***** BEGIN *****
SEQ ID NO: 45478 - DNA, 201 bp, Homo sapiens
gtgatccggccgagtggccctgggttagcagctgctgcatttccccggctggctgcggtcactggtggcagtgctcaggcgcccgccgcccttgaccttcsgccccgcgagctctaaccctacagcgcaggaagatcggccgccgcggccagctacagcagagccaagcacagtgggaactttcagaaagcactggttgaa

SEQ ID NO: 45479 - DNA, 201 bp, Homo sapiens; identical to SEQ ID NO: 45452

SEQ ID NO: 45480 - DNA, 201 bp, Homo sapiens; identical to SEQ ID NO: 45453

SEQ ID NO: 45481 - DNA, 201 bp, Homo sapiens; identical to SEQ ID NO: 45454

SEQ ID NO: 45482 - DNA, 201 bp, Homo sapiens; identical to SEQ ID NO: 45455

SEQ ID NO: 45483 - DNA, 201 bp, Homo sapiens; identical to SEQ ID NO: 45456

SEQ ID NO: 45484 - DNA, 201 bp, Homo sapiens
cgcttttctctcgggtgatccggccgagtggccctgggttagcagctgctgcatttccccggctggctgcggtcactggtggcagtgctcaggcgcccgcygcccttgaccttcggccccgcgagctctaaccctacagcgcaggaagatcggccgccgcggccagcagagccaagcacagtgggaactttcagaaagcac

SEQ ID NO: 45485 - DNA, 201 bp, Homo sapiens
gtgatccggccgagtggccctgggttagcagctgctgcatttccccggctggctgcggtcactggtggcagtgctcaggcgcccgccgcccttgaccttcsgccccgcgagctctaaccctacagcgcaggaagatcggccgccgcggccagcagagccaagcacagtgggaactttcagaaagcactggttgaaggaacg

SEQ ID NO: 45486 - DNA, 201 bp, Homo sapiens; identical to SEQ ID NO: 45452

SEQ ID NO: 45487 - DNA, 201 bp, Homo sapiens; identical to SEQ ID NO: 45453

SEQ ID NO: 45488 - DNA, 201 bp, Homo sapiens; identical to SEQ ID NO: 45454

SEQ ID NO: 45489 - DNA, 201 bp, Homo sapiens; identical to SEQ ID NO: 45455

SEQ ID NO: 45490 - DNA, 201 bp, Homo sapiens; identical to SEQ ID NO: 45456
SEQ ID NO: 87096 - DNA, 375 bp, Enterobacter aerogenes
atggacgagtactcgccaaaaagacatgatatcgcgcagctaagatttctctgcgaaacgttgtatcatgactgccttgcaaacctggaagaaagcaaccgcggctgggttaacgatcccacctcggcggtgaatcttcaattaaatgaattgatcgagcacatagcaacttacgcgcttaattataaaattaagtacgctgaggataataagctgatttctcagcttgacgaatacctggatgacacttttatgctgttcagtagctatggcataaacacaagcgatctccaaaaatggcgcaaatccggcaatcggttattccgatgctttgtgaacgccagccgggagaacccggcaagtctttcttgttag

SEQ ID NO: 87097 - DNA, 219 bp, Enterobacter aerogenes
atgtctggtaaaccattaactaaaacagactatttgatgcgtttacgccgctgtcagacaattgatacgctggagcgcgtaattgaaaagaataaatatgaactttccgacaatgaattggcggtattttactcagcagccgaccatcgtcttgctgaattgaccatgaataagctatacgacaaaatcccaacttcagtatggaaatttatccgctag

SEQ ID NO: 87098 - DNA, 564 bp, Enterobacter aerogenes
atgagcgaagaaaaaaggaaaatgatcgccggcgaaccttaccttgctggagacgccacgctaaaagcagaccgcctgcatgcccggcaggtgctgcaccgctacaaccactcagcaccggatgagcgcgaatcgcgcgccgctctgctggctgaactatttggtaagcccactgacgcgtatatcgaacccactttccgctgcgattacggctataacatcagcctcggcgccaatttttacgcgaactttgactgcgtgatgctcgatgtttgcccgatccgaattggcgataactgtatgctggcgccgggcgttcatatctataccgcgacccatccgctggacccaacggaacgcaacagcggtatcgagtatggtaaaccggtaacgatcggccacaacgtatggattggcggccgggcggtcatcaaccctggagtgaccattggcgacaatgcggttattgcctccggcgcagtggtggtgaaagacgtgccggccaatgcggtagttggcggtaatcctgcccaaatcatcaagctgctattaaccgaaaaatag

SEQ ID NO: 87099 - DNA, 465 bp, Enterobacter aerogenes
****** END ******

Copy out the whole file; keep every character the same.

SEQ ID NO: 45478 - DNA, 201 bp, Homo sapiens
gtgatccggccgagtggccctgggttagcagctgctgcatttccccggctggctgcggtcactggtggcagtgctcaggcgcccgccgcccttgaccttcsgccccgcgagctctaaccctacagcgcaggaagatcggccgccgcggccagctacagcagagccaagcacagtgggaactttcagaaagcactggttgaa

SEQ ID NO: 45479 - DNA, 201 bp, Homo sapiens; identical to SEQ ID NO: 45452

SEQ ID NO: 45480 - DNA, 201 bp, Homo sapiens; identical to SEQ ID NO: 45453

SEQ ID NO: 45481 - DNA, 201 bp, Homo sapiens; identical to SEQ ID NO: 45454

SEQ ID NO: 45482 - DNA, 201 bp, Homo sapiens; identical to SEQ ID NO: 45455

SEQ ID NO: 45483 - DNA, 201 bp, Homo sapiens; identical to SEQ ID NO: 45456

SEQ ID NO: 45484 - DNA, 201 bp, Homo sapiens
cgcttttctctcgggtgatccggccgagtggccctgggttagcagctgctgcatttccccggctggctgcggtcactggtggcagtgctcaggcgcccgcygcccttgaccttcggccccgcgagctctaaccctacagcgcaggaagatcggccgccgcggccagcagagccaagcacagtgggaactttcagaaagcac

SEQ ID NO: 45485 - DNA, 201 bp, Homo sapiens
gtgatccggccgagtggccctgggttagcagctgctgcatttccccggctggctgcggtcactggtggcagtgctcaggcgcccgccgcccttgaccttcsgccccgcgagctctaaccctacagcgcaggaagatcggccgccgcggccagcagagccaagcacagtgggaactttcagaaagcactggttgaaggaacg

SEQ ID NO: 45486 - DNA, 201 bp, Homo sapiens; identical to SEQ ID NO: 45452

SEQ ID NO: 45487 - DNA, 201 bp, Homo sapiens; identical to SEQ ID NO: 45453

SEQ ID NO: 45488 - DNA, 201 bp, Homo sapiens; identical to SEQ ID NO: 45454

SEQ ID NO: 45489 - DNA, 201 bp, Homo sapiens; identical to SEQ ID NO: 45455

SEQ ID NO: 45490 - DNA, 201 bp, Homo sapiens; identical to SEQ ID NO: 45456
SEQ ID NO: 87096 - DNA, 375 bp, Enterobacter aerogenes
atggacgagtactcgccaaaaagacatgatatcgcgcagctaagatttctctgcgaaacgttgtatcatgactgccttgcaaacctggaagaaagcaaccgcggctgggttaacgatcccacctcggcggtgaatcttcaattaaatgaattgatcgagcacatagcaacttacgcgcttaattataaaattaagtacgctgaggataataagctgatttctcagcttgacgaatacctggatgacacttttatgctgttcagtagctatggcataaacacaagcgatctccaaaaatggcgcaaatccggcaatcggttattccgatgctttgtgaacgccagccgggagaacccggcaagtctttcttgttag

SEQ ID NO: 87097 - DNA, 219 bp, Enterobacter aerogenes
atgtctggtaaaccattaactaaaacagactatttgatgcgtttacgccgctgtcagacaattgatacgctggagcgcgtaattgaaaagaataaatatgaactttccgacaatgaattggcggtattttactcagcagccgaccatcgtcttgctgaattgaccatgaataagctatacgacaaaatcccaacttcagtatggaaatttatccgctag

SEQ ID NO: 87098 - DNA, 564 bp, Enterobacter aerogenes
atgagcgaagaaaaaaggaaaatgatcgccggcgaaccttaccttgctggagacgccacgctaaaagcagaccgcctgcatgcccggcaggtgctgcaccgctacaaccactcagcaccggatgagcgcgaatcgcgcgccgctctgctggctgaactatttggtaagcccactgacgcgtatatcgaacccactttccgctgcgattacggctataacatcagcctcggcgccaatttttacgcgaactttgactgcgtgatgctcgatgtttgcccgatccgaattggcgataactgtatgctggcgccgggcgttcatatctataccgcgacccatccgctggacccaacggaacgcaacagcggtatcgagtatggtaaaccggtaacgatcggccacaacgtatggattggcggccgggcggtcatcaaccctggagtgaccattggcgacaatgcggttattgcctccggcgcagtggtggtgaaagacgtgccggccaatgcggtagttggcggtaatcctgcccaaatcatcaagctgctattaaccgaaaaatag

SEQ ID NO: 87099 - DNA, 465 bp, Enterobacter aerogenes